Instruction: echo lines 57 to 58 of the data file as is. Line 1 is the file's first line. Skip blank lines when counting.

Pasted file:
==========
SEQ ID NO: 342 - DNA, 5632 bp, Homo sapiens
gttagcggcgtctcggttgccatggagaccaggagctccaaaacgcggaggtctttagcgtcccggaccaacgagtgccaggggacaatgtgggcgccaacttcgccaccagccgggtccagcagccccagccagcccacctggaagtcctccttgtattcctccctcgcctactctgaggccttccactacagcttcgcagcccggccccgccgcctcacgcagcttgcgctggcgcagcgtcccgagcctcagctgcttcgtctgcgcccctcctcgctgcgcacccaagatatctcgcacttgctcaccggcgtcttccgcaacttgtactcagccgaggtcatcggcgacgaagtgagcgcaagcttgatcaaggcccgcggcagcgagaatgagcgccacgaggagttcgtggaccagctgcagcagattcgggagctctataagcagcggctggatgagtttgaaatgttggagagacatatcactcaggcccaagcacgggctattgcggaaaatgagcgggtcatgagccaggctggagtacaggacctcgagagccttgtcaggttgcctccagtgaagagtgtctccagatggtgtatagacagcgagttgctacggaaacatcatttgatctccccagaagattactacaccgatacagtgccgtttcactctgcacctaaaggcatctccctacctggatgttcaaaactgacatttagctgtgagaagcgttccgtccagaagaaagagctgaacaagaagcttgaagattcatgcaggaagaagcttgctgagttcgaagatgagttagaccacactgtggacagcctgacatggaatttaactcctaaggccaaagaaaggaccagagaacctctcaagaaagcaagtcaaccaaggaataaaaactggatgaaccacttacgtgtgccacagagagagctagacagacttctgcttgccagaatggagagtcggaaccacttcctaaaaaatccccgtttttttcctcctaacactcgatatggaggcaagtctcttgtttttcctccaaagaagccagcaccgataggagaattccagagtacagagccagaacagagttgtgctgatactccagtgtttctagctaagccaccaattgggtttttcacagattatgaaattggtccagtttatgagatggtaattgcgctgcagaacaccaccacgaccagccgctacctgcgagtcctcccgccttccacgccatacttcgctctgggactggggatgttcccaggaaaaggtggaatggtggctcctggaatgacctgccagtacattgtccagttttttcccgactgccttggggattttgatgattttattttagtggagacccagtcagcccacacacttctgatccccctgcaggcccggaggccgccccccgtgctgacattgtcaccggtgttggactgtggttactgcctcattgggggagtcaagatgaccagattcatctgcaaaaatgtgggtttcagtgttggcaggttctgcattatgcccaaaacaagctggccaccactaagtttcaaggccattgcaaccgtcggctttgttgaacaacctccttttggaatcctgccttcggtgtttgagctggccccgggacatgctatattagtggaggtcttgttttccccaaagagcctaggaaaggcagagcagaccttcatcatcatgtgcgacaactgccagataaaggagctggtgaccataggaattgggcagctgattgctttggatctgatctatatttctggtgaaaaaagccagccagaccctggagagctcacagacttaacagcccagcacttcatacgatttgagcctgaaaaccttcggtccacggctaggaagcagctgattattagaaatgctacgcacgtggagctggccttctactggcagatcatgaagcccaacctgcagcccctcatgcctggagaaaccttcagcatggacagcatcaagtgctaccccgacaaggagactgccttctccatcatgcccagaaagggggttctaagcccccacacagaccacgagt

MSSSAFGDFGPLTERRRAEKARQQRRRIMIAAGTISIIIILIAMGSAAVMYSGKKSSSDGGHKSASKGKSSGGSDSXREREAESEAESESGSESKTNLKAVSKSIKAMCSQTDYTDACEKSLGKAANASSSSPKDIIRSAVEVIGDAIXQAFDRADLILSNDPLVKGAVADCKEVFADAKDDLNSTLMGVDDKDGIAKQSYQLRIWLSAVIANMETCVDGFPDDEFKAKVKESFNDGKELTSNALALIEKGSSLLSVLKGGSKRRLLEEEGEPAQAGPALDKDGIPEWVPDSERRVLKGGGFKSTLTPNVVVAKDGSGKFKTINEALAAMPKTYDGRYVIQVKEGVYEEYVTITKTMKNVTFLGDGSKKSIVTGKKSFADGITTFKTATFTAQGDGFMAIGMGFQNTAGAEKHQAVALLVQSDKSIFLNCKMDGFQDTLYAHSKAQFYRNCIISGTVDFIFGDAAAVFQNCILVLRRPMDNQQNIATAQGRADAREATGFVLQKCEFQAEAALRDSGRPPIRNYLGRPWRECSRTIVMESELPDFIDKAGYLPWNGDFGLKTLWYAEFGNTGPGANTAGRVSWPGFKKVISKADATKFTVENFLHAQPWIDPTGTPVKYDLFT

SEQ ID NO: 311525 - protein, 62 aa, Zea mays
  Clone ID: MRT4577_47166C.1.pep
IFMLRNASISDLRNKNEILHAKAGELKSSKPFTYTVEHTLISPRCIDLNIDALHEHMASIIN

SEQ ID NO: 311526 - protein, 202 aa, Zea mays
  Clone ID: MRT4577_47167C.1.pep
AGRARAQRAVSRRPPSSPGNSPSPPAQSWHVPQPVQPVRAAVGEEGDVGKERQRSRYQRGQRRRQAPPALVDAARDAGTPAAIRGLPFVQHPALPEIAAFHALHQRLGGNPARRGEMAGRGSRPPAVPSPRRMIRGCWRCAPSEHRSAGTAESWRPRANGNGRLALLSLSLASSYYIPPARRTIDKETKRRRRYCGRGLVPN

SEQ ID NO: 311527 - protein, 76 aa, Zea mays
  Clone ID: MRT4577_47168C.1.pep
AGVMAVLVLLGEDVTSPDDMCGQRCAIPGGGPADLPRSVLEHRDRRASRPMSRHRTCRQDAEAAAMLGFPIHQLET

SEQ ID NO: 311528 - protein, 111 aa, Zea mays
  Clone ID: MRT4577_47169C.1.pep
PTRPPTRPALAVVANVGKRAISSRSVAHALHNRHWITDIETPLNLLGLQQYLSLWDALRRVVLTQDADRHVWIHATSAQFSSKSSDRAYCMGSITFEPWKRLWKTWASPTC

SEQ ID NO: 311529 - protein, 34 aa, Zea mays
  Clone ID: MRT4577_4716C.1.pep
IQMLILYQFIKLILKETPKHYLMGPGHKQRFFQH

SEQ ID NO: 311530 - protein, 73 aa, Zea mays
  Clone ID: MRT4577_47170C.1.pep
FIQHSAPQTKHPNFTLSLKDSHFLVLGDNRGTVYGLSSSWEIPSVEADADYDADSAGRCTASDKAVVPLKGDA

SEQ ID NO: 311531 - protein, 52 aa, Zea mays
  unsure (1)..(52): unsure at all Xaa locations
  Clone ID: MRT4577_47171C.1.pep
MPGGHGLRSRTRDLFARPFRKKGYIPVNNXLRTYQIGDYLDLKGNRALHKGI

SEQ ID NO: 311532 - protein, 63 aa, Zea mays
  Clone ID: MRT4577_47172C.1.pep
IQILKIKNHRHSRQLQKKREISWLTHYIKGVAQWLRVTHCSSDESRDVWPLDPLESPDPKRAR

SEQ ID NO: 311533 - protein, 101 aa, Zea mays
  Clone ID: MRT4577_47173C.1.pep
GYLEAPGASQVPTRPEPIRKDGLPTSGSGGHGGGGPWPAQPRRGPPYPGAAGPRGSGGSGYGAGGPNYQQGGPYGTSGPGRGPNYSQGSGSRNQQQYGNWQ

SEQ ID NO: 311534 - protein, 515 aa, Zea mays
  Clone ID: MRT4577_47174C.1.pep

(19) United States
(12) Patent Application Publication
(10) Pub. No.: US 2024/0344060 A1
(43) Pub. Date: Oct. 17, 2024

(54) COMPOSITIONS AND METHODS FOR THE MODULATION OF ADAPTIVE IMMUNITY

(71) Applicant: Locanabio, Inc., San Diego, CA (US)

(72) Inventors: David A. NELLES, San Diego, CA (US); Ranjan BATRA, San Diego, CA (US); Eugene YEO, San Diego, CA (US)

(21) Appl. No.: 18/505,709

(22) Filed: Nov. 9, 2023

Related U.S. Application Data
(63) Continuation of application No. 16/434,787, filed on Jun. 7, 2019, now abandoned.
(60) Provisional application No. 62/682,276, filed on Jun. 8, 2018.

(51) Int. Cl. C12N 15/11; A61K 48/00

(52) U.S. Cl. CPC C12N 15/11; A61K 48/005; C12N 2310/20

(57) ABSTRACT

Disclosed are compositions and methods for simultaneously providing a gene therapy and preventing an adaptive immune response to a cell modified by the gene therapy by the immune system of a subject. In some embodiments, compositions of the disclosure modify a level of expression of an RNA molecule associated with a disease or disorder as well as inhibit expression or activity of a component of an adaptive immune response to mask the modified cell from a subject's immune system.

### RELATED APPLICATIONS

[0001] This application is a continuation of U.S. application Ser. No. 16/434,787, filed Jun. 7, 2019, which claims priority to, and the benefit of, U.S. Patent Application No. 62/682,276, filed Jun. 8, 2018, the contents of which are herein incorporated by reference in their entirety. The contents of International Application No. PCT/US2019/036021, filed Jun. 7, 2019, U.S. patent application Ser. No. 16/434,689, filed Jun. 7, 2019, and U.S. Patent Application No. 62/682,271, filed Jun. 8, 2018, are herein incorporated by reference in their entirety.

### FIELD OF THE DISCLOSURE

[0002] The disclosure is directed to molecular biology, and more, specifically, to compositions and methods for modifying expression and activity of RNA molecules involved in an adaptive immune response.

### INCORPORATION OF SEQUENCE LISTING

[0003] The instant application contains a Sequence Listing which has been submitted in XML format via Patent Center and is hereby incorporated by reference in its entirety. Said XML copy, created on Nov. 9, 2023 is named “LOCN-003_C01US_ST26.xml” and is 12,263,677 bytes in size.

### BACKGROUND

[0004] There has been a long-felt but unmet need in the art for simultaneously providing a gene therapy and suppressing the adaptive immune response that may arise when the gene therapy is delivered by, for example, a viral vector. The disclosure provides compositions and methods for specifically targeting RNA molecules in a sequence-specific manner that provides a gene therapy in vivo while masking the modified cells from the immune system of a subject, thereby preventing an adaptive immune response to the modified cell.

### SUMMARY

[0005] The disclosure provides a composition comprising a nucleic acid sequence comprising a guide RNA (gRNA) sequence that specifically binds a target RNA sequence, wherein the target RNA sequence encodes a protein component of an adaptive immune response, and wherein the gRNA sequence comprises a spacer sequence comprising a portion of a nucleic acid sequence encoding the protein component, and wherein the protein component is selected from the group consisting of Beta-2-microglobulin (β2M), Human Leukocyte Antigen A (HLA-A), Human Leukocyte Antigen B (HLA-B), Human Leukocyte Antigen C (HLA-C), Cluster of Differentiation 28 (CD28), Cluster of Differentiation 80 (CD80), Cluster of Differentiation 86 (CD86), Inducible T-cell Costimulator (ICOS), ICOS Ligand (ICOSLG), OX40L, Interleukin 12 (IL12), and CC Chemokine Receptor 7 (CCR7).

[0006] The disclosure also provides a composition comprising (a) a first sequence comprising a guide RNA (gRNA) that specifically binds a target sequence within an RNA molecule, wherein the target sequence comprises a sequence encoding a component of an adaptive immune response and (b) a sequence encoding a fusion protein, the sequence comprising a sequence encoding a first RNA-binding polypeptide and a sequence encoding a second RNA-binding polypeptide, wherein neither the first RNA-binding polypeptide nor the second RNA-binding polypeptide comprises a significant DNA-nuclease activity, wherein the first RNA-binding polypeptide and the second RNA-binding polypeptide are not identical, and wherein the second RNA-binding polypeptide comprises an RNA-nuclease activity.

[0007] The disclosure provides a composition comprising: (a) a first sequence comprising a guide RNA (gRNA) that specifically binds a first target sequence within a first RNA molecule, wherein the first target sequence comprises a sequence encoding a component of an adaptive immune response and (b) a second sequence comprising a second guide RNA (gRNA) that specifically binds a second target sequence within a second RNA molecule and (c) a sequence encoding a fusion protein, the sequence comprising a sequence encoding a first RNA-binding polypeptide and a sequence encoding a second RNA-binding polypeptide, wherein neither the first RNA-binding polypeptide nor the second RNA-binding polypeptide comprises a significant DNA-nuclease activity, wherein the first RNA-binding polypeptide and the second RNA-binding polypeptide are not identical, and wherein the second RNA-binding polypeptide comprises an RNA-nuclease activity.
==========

[0004] There has been a long-felt but unmet need in the art for simultaneously providing a gene therapy and suppressing the adaptive immune response that may arise when the gene therapy is delivered by, for example, a viral vector. The disclosure provides compositions and methods for specifically targeting RNA molecules in a sequence-specific manner that provides a gene therapy in vivo while masking the modified cells from the immune system of a subject, thereby preventing an adaptive immune response to the modified cell.

### SUMMARY